zito scoul

What happened to Barry Zito?

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There’s a column by Chris Jones up at Grantland. It’s about Barry Zito and it tries to figure out what has happened to the guy.

The premise: the famous Scott Boras binder, which he creates for all of his free agent clients, ruined him.  That it set a level of expectations and created a level of awareness in Zito that took him out of his zen-like live-in-the-moment mindset which gave him so much success when he was in Oakland.

It’s an interesting article and a good read whether you buy into that premise or not.  For my part, I think there’s probably a little something to it, because certainly the expectations and mood around Zito changed when he signed that deal with the Giants and that has to have at least some kind of an impact on a guy.

But I also tend to think that it’s a bit simpler than that too.  Zito was good, but not great in Oakland. Certainly not after his great 2002 and 2003 seasons.  In the three years before crossing the bay he was beginning to settle in to the classic soft-tossing lefty groove. And unless you’re Tom Glavine or Jamie Moyer, that doesn’t presage greatness, even if soft-tossing lefties are somewhat useful things to have around. Add in a downtick in velocity and you have a pretty good explanation of Barry Zito’s performance over the past five seasons.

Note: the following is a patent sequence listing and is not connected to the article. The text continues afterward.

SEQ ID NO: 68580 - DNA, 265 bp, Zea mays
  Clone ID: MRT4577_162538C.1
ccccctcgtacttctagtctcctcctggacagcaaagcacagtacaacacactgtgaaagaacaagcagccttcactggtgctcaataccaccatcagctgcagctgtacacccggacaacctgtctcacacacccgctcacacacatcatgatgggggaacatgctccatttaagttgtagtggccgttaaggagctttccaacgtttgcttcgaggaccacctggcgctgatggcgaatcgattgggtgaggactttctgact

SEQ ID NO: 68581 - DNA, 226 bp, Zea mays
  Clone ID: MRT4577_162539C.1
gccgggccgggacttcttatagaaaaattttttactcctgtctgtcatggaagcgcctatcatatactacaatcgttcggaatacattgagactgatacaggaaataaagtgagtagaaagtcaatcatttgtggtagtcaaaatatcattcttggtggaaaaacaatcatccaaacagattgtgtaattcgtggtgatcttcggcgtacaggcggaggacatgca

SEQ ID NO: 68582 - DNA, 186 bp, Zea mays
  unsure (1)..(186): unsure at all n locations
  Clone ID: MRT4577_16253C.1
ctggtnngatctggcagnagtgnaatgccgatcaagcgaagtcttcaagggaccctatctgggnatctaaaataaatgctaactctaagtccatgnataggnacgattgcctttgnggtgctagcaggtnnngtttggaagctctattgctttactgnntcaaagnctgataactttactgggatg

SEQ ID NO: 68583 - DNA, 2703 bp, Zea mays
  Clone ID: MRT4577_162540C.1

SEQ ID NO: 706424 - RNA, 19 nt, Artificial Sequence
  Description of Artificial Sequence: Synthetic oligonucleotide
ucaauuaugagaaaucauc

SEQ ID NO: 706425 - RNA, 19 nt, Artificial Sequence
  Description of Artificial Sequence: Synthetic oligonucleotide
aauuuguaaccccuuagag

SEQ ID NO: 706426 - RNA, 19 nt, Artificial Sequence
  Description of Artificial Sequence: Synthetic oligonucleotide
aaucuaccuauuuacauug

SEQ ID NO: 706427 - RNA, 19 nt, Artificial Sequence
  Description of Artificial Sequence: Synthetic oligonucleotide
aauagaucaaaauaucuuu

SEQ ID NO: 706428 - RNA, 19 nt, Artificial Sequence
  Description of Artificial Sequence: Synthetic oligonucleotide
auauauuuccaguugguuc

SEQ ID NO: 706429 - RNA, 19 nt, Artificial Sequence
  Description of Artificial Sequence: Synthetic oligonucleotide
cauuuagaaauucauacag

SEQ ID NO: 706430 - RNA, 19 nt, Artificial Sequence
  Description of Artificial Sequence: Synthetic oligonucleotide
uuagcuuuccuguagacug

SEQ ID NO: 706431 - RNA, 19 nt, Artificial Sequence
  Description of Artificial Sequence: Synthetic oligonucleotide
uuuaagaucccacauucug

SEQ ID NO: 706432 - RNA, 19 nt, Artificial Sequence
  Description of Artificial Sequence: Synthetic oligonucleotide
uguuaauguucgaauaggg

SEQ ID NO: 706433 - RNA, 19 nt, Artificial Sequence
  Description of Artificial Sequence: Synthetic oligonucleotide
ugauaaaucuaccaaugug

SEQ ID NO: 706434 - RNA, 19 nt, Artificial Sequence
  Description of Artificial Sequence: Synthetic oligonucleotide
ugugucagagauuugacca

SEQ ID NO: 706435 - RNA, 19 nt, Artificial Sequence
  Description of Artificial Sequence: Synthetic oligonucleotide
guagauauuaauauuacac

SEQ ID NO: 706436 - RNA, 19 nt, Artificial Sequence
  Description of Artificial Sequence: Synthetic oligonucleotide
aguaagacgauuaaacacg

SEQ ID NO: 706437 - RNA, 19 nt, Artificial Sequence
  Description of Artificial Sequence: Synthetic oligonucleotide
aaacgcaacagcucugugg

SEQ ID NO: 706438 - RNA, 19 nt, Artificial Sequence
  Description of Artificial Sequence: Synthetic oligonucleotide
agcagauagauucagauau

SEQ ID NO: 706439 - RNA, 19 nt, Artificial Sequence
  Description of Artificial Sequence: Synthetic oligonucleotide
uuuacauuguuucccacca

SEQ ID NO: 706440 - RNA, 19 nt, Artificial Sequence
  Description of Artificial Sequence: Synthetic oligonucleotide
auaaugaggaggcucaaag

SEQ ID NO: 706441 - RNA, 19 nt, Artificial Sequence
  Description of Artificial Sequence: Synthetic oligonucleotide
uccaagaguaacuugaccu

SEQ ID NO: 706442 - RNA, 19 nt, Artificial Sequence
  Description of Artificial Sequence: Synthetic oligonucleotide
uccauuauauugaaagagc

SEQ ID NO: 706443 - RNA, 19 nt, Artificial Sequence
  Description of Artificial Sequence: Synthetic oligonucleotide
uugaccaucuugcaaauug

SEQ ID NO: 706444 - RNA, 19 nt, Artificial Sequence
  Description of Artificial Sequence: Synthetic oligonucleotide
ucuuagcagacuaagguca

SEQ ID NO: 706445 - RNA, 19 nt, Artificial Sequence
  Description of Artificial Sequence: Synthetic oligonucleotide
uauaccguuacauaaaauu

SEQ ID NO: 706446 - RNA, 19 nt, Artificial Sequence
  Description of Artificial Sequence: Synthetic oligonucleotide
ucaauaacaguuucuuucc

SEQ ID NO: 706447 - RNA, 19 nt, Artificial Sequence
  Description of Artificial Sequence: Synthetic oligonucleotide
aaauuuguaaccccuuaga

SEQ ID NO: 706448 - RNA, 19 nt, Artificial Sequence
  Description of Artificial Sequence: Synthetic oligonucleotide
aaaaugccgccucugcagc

The Giants gave $126 million to poor man’s Charlie Liebrandt, and that’s what they’ve got for the most part.  It’s not a terrible mystery nor is it a psychological case study.

Josh Johnson retires from baseball

PEORIA, AZ - FEBRUARY 21: Josh Johnson #55 of the San Diego Padres poses during Picture Day on February 21, 2014 at the Peoria Sports Complex in Peoria, Arizona. (Photo by Mike McGinnis/Getty Images)
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Oft-injured pitcher Josh Johnson is retiring from baseball, ESPN’s Jerry Crasnick is reporting.

Johnson, 32, hasn’t pitched in the majors since 2013. The right-hander underwent his third Tommy John surgery in September 2015 but wasn’t able to bounce back.

Johnson spent most of his career with the Marlins, but also pitched for the Blue Jays in the big leagues, as well as the Padres in the minors. He retires with a career 3.40 ERA, 915 strikeouts across 998 innings in the majors, and two All-Star nominations. Johnson led the National League with a 2.30 ERA in 2010, finishing fifth in NL Cy Young Award balloting. One wonders what he could have accomplished if he was able to stay healthy.

Report: Angels close to a multi-year deal with Luis Valbuena

HOUSTON, TX - JULY 08:  Luis Valbuena #18 of the Houston Astros hits a three run walkoff home run in the ninth inning to defeat the Oakland Athletics 10-9 at Minute Maid Park on July 8, 2016 in Houston, Texas.  (Photo by Bob Levey/Getty Images)
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The Angels are nearing a multi-year deal with free agent third baseman Luis Valbuena, Jeff Fletcher of the Orange County Register reports. It’s believed to be a two-year contract with a third-year option.

Valbuena, 31, hit .260/.357/.459 with 13 home runs and 40 RBI in 342 plate appearances in 2016. He missed most of the second half with a hamstring injury, for which he underwent surgery in late August.

Valbuena has played a majority of his career at third base, but also has extensive experience at second base and has racked up innings at first base and shortstop as well. He won’t play every day for the Angels, as Yunel Escobar lays claim to third base and C.J. Cron first base, but he will give them flexibility and a left-handed bat off the bench.